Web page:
Canadian Manufacturing

Border service launches investigation into fabricated steel imports

CBSA looking at steel component imports from five countries in new anti-dumping probe, as well as Chinese industry subsidies



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Fabricated industrial steel components are used in the building construction industry, as well as in the oil and gas and mining sectors

OTTAWA—The Canada Border Services Agency (CBSA) has launched another investigation into steel that may be entering the country at unfair prices.

After launching an rebar anti-dumping probe late last month, the agency has announced it is now also looking at fabricated industrial steel components (FISC) being shipping into Canada from a handful of countries in Asia, Europe and the Middle East.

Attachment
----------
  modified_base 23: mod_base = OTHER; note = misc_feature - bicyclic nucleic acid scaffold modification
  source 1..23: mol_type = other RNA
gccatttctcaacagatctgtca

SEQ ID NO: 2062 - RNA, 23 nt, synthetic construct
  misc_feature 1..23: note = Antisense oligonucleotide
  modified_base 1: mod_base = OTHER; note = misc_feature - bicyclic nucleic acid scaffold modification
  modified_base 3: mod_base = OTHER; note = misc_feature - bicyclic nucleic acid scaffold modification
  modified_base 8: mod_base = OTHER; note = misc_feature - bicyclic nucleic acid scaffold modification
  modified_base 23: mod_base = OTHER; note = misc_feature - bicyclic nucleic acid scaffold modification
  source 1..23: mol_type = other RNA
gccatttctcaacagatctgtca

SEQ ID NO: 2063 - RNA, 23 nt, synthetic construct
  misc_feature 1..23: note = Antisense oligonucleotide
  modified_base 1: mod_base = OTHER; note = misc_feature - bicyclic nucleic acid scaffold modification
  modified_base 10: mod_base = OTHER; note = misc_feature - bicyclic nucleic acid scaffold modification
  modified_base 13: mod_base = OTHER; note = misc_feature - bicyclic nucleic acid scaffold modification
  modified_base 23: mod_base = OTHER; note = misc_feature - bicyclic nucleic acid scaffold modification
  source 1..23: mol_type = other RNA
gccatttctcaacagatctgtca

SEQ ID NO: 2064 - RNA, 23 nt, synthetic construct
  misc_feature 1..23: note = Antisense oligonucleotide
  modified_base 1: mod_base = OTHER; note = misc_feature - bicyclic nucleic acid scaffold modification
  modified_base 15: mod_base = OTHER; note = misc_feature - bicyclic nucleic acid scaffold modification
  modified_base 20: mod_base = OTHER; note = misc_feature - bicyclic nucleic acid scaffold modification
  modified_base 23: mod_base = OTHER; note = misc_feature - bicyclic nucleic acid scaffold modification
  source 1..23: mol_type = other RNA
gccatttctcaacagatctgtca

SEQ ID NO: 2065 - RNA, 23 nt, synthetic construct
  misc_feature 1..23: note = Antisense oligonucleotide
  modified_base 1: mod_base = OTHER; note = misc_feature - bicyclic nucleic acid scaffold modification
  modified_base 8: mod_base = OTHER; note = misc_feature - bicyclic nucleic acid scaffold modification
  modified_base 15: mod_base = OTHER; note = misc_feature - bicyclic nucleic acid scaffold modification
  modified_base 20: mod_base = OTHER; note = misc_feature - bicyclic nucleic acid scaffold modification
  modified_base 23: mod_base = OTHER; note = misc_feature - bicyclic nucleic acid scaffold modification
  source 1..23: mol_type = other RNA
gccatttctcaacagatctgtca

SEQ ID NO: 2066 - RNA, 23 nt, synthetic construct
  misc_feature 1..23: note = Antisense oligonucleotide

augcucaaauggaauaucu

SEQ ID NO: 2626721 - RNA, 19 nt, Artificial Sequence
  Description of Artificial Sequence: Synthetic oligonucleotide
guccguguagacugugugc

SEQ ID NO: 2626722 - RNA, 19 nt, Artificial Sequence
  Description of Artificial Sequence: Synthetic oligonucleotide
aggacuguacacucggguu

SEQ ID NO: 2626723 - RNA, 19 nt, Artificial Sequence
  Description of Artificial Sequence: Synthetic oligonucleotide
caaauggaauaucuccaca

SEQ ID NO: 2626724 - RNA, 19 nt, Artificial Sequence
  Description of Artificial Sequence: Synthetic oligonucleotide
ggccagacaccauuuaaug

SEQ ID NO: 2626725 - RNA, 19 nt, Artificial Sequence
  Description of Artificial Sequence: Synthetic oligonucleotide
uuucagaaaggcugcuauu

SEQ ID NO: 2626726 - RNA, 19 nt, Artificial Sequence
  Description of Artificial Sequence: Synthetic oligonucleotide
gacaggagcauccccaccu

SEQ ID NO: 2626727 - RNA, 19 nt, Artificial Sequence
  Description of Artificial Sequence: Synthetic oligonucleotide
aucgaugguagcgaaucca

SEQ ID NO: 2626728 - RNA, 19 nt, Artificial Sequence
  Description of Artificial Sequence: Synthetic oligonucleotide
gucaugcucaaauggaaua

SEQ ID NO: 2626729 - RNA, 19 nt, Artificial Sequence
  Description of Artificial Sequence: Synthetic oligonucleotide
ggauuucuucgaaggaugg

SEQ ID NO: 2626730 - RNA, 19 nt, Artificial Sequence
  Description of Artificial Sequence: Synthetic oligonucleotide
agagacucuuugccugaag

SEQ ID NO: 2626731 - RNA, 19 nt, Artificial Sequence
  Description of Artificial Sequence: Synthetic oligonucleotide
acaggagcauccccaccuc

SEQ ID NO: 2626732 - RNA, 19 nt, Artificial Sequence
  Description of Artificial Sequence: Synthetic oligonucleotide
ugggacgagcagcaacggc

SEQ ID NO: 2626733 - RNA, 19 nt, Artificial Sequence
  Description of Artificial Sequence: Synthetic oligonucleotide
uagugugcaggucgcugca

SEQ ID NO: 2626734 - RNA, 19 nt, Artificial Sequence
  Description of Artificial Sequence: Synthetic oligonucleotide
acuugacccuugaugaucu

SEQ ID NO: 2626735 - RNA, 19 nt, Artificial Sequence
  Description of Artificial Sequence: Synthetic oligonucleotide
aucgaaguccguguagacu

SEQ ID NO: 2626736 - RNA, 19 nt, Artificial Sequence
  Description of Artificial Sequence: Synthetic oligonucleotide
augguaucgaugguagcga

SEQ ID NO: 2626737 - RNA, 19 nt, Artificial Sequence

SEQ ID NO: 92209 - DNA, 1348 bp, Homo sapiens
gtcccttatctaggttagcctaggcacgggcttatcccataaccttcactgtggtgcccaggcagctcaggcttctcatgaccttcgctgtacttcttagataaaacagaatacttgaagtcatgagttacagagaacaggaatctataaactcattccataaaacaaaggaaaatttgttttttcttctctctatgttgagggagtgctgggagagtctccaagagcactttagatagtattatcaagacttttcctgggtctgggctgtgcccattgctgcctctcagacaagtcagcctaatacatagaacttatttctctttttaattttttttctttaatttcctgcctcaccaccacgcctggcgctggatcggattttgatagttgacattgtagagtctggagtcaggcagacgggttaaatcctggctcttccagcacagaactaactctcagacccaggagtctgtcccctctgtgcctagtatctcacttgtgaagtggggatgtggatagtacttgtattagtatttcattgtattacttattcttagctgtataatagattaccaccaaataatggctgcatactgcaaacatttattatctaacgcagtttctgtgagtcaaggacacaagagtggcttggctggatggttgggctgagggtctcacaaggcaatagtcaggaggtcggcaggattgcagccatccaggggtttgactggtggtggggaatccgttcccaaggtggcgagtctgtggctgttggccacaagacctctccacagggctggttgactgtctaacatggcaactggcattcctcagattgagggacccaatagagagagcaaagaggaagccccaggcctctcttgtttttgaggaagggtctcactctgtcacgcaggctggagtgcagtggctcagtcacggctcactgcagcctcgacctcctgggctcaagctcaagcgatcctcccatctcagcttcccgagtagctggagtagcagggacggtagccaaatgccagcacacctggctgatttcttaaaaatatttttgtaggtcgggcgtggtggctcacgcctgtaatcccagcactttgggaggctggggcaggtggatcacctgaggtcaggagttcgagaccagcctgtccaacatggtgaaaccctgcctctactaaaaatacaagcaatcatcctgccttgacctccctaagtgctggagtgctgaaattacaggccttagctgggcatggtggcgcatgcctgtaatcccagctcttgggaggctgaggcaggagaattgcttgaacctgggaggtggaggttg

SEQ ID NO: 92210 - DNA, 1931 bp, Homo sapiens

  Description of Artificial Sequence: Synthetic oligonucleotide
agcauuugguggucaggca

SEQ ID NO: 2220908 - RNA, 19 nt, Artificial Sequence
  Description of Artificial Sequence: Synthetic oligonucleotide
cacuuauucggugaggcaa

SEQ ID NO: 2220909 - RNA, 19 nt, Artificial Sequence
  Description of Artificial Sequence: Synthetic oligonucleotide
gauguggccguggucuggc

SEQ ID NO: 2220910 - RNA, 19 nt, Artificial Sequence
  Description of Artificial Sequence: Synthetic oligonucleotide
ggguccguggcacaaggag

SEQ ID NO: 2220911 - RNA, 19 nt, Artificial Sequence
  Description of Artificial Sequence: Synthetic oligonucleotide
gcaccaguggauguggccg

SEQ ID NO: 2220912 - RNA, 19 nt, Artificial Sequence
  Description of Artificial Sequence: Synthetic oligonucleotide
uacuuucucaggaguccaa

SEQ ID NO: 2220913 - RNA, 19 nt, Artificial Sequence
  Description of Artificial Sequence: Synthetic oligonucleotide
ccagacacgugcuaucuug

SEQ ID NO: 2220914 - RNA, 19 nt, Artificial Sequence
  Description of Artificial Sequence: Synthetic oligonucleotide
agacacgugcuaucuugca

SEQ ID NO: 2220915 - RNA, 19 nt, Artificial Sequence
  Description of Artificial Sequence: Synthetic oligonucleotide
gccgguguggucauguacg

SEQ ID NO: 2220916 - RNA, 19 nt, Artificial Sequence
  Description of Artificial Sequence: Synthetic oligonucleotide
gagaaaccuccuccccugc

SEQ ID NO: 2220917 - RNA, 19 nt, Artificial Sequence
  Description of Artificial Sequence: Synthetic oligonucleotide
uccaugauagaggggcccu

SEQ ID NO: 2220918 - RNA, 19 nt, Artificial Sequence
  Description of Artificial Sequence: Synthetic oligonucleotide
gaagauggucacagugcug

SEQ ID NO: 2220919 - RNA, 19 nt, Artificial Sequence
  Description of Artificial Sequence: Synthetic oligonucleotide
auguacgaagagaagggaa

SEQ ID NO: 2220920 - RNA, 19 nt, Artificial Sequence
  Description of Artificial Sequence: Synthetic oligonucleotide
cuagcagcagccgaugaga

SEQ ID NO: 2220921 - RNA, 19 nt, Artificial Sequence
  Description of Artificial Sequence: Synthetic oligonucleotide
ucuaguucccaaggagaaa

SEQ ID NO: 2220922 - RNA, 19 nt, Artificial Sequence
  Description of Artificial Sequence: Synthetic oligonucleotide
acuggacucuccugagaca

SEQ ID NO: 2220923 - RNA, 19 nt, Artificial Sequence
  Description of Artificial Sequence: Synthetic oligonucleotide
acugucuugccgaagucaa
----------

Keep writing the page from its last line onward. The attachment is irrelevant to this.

The probe will investigate imports from China, South Korea, Spain, the United Arab Emirates and the U.K, assessing whether or not the steel components—which include structural building parts, as well as steel components used in the oil and gas and mining industries—are being sold at unfair prices in Canada.

Stemming from a complaint filed by three Canada producers, the investigation will also look into whether or not China is propping up its FISC industry with subsidies, which would be in violation of the Special Import Measures Act. As with other steel dumping claims, the companies say the alleged price undercutting is damaging the steel industry in Canada.

The CBSA said it will look into the complaint and issue a preliminary decision by December.

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